March 1, 2013 •
Taking Matters into Their Own Hands
This year’s push for ethics reform in several state legislatures could not happen fast enough for some elected officials. Georgia’s Senate and Missouri’s Secretary of State, Jason Kander, decided on day one to take matters into their own hands by adopting new gift rules for their respective offices.
The Georgia Senate imposed a $100 limit on gifts from lobbyists. Senators approved the gift cap on the opening day of the 2013 General Assembly session as part of new rules governing the chamber’s operations for the current two-year term. The new rule does not apply to travel costs or to gifts provided to groups of senators, including committees. The rule does allow lobbyists to give $100 gifts on multiple occasions. Meanwhile, House Speaker David Ralston has unveiled an ethics reform bill aimed at expanding the definition of a lobbyist and restricting lobbyist gifts. House Bill 142 would ban even the smallest expenditure of a lobbyist if for the benefit of a single member of the General Assembly. Lobbyists would still be permitted to spend on committees, caucuses, and expenses to public officers for trips to conferences and meetings.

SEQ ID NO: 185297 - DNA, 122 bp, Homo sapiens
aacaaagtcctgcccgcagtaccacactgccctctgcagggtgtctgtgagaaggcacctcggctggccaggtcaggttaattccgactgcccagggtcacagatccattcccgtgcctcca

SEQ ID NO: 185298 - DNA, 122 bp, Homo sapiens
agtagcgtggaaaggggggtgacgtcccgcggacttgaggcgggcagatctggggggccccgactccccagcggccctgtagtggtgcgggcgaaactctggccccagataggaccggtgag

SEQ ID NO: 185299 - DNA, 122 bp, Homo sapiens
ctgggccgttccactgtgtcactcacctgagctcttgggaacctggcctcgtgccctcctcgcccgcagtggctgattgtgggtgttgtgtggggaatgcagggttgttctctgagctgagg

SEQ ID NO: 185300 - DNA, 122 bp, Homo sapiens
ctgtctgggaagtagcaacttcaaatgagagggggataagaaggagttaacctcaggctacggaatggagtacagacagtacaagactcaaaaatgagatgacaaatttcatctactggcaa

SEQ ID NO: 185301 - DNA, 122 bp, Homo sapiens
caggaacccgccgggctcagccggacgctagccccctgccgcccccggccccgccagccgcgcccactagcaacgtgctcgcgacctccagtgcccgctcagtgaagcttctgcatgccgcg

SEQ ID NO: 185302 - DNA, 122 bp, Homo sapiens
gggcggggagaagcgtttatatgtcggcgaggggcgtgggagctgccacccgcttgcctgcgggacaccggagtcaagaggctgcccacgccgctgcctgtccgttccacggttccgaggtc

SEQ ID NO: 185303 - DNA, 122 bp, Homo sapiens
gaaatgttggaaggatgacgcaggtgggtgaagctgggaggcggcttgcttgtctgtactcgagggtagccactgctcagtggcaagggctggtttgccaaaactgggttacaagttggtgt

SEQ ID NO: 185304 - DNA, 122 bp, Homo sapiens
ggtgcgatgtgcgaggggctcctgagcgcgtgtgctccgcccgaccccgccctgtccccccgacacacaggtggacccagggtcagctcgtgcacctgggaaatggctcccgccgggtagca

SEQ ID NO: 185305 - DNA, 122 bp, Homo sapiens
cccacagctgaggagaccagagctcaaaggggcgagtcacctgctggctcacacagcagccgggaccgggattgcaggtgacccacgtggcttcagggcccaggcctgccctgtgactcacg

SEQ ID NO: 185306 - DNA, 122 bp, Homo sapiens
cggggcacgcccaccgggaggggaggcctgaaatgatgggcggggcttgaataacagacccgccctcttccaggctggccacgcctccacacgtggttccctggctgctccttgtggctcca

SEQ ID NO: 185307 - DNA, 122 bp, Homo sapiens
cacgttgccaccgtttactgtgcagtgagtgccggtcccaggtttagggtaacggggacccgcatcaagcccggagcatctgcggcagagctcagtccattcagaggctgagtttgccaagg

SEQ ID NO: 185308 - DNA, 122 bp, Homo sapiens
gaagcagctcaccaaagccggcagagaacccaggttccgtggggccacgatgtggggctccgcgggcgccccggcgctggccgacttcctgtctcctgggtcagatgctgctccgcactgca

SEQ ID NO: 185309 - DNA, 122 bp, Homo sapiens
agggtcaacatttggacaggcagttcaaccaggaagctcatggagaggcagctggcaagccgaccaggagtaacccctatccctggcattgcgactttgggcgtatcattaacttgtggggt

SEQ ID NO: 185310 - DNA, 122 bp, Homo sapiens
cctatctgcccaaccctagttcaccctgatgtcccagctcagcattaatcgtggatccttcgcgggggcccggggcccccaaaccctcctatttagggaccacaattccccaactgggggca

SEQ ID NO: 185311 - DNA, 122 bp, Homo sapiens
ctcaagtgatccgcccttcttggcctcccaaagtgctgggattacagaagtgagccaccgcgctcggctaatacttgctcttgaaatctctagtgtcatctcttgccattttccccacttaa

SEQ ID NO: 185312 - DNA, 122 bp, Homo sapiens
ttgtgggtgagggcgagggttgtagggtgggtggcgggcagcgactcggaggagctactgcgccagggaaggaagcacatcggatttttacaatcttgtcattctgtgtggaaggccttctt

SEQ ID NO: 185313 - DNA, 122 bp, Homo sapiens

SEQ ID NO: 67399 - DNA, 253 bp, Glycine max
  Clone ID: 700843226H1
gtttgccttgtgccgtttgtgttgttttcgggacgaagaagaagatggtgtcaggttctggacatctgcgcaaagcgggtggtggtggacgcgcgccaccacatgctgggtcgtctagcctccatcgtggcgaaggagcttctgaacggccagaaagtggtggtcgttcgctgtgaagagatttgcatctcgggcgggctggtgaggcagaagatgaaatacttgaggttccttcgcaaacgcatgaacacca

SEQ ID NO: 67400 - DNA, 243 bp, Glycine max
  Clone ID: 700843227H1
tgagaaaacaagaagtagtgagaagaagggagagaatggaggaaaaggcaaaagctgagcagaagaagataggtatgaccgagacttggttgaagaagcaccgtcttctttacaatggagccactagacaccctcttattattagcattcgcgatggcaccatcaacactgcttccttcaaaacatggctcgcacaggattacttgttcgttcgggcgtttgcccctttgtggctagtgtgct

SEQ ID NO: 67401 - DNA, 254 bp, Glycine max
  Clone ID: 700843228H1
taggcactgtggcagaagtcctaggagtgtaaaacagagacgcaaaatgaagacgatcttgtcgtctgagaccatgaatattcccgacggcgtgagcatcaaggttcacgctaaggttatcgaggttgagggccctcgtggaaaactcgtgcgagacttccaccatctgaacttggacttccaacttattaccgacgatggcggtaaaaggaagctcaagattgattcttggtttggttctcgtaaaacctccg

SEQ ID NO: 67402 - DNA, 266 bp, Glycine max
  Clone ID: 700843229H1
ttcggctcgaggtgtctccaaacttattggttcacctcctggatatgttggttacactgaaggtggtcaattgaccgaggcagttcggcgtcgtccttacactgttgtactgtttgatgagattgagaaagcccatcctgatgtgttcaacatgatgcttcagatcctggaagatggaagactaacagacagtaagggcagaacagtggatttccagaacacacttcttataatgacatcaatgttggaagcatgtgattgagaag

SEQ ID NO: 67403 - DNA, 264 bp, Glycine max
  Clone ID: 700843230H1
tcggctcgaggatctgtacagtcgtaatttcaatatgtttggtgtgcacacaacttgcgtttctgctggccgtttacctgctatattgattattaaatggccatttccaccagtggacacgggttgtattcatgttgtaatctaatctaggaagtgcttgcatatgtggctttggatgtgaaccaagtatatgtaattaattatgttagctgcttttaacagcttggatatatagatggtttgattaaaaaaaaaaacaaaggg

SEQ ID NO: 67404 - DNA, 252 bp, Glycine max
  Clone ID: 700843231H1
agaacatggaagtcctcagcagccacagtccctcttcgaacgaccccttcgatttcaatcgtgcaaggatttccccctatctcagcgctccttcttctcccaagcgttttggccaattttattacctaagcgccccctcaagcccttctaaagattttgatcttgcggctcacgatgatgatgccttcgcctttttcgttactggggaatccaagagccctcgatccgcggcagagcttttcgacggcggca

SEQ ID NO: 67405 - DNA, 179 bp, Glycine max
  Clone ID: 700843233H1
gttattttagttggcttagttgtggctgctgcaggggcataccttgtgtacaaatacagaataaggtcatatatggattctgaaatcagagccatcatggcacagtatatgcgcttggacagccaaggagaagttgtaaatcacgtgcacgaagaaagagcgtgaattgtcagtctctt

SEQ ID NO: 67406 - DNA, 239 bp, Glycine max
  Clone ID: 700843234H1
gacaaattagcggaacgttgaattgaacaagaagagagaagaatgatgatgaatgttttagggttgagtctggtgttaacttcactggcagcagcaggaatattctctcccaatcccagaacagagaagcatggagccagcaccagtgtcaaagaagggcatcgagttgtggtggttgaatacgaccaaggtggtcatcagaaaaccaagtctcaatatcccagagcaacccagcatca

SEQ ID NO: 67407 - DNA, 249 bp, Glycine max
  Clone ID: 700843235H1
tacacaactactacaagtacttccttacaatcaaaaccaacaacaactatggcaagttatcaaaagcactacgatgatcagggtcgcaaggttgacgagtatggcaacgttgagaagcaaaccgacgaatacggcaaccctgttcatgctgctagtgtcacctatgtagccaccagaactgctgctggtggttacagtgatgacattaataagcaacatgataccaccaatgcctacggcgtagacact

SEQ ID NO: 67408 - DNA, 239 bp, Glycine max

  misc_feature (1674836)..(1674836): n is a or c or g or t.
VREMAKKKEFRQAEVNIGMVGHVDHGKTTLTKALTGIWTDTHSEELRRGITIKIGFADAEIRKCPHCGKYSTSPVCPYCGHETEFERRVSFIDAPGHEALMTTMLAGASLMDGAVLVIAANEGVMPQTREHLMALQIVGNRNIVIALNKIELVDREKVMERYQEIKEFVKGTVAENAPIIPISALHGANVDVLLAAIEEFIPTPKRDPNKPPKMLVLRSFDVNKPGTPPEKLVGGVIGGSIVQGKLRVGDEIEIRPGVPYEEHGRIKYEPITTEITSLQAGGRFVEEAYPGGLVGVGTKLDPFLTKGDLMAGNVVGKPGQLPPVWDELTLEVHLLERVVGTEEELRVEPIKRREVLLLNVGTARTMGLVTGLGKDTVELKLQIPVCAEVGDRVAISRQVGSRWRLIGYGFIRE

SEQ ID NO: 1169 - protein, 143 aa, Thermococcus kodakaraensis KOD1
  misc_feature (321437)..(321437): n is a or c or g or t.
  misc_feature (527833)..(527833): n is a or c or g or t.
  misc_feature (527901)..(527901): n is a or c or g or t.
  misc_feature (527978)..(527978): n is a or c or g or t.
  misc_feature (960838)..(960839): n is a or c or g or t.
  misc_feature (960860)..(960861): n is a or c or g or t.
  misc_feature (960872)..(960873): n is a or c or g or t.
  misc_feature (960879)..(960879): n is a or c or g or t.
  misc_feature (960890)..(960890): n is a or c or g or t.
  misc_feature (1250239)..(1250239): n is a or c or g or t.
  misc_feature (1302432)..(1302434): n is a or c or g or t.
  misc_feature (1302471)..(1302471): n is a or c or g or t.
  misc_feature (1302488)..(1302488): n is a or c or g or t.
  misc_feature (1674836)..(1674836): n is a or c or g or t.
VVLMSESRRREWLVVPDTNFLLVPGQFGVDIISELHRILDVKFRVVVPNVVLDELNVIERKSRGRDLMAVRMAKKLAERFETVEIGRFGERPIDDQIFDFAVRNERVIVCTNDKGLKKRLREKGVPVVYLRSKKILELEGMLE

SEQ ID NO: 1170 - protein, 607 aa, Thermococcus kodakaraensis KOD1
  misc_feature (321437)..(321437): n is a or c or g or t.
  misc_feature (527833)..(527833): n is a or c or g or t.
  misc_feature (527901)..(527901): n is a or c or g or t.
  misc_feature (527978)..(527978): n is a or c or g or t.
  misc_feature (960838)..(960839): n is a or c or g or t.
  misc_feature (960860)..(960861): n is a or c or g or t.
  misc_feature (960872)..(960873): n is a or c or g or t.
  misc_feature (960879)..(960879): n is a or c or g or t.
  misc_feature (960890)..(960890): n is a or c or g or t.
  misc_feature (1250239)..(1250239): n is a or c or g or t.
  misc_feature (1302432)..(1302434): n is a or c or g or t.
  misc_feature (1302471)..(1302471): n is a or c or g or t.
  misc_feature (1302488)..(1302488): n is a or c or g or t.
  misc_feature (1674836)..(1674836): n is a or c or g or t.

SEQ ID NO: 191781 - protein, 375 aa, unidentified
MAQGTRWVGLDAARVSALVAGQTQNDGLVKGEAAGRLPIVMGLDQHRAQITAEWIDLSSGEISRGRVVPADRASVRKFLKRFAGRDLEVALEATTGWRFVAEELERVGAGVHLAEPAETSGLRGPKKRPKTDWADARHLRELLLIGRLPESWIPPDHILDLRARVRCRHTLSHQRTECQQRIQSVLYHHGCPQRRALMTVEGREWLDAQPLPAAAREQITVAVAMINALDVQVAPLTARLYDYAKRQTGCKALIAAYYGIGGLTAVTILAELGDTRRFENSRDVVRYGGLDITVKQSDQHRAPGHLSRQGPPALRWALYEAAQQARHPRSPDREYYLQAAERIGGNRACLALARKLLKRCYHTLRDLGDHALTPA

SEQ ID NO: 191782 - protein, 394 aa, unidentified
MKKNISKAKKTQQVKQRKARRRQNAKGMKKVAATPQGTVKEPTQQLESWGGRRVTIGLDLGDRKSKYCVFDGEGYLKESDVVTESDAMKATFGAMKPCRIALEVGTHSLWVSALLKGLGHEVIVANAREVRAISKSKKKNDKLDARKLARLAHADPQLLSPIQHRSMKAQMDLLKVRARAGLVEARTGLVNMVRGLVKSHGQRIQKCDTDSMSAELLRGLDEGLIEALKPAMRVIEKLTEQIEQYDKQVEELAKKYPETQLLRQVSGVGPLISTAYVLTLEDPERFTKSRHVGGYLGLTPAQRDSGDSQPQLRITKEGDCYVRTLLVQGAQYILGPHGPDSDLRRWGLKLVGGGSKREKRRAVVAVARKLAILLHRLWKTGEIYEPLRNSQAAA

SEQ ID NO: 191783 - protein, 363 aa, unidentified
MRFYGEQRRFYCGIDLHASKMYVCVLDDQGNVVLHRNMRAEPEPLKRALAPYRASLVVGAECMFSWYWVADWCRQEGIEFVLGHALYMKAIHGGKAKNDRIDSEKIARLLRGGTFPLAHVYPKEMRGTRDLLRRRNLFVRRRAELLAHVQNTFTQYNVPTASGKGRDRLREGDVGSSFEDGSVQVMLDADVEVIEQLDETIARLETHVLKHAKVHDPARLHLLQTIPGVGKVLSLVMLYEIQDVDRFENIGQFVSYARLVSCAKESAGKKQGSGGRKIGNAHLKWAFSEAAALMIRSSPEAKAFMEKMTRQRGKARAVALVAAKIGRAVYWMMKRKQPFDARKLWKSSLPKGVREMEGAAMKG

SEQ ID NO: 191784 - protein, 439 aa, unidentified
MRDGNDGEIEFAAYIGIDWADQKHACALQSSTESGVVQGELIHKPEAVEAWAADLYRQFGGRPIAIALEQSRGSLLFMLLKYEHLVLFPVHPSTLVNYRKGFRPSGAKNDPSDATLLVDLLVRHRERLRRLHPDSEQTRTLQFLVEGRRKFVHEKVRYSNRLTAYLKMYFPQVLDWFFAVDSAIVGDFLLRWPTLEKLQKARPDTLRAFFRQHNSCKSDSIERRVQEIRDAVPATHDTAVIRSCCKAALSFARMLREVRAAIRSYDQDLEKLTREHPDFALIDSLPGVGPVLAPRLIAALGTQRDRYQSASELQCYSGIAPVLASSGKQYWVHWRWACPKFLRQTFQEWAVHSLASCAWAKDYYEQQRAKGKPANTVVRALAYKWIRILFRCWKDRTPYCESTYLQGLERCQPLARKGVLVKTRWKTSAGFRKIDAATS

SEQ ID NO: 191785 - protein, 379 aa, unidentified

Missouri Secretary of State Jason Kander, sworn in on January 14, 2013, announced a new ethics policy as part of his “Day 1 Achievements.” The new policy prohibits the staff in his office from accepting gifts from lobbyists. State administrative policy already curtails what state employees may accept from lobbyists, but agencies are free to adopt stricter guidelines. Additionally, Missouri’s House and Senate are both considering bills to curb lobbyist spending. House Bill 139 would prohibit General Assembly members, family, and staff from accepting more than $1,000 per calendar year from lobbyists. Senate Bill 181 would prohibit statewide elected officials, legislators, staff, employees, and family from accepting gifts over $50 from a lobbyist.
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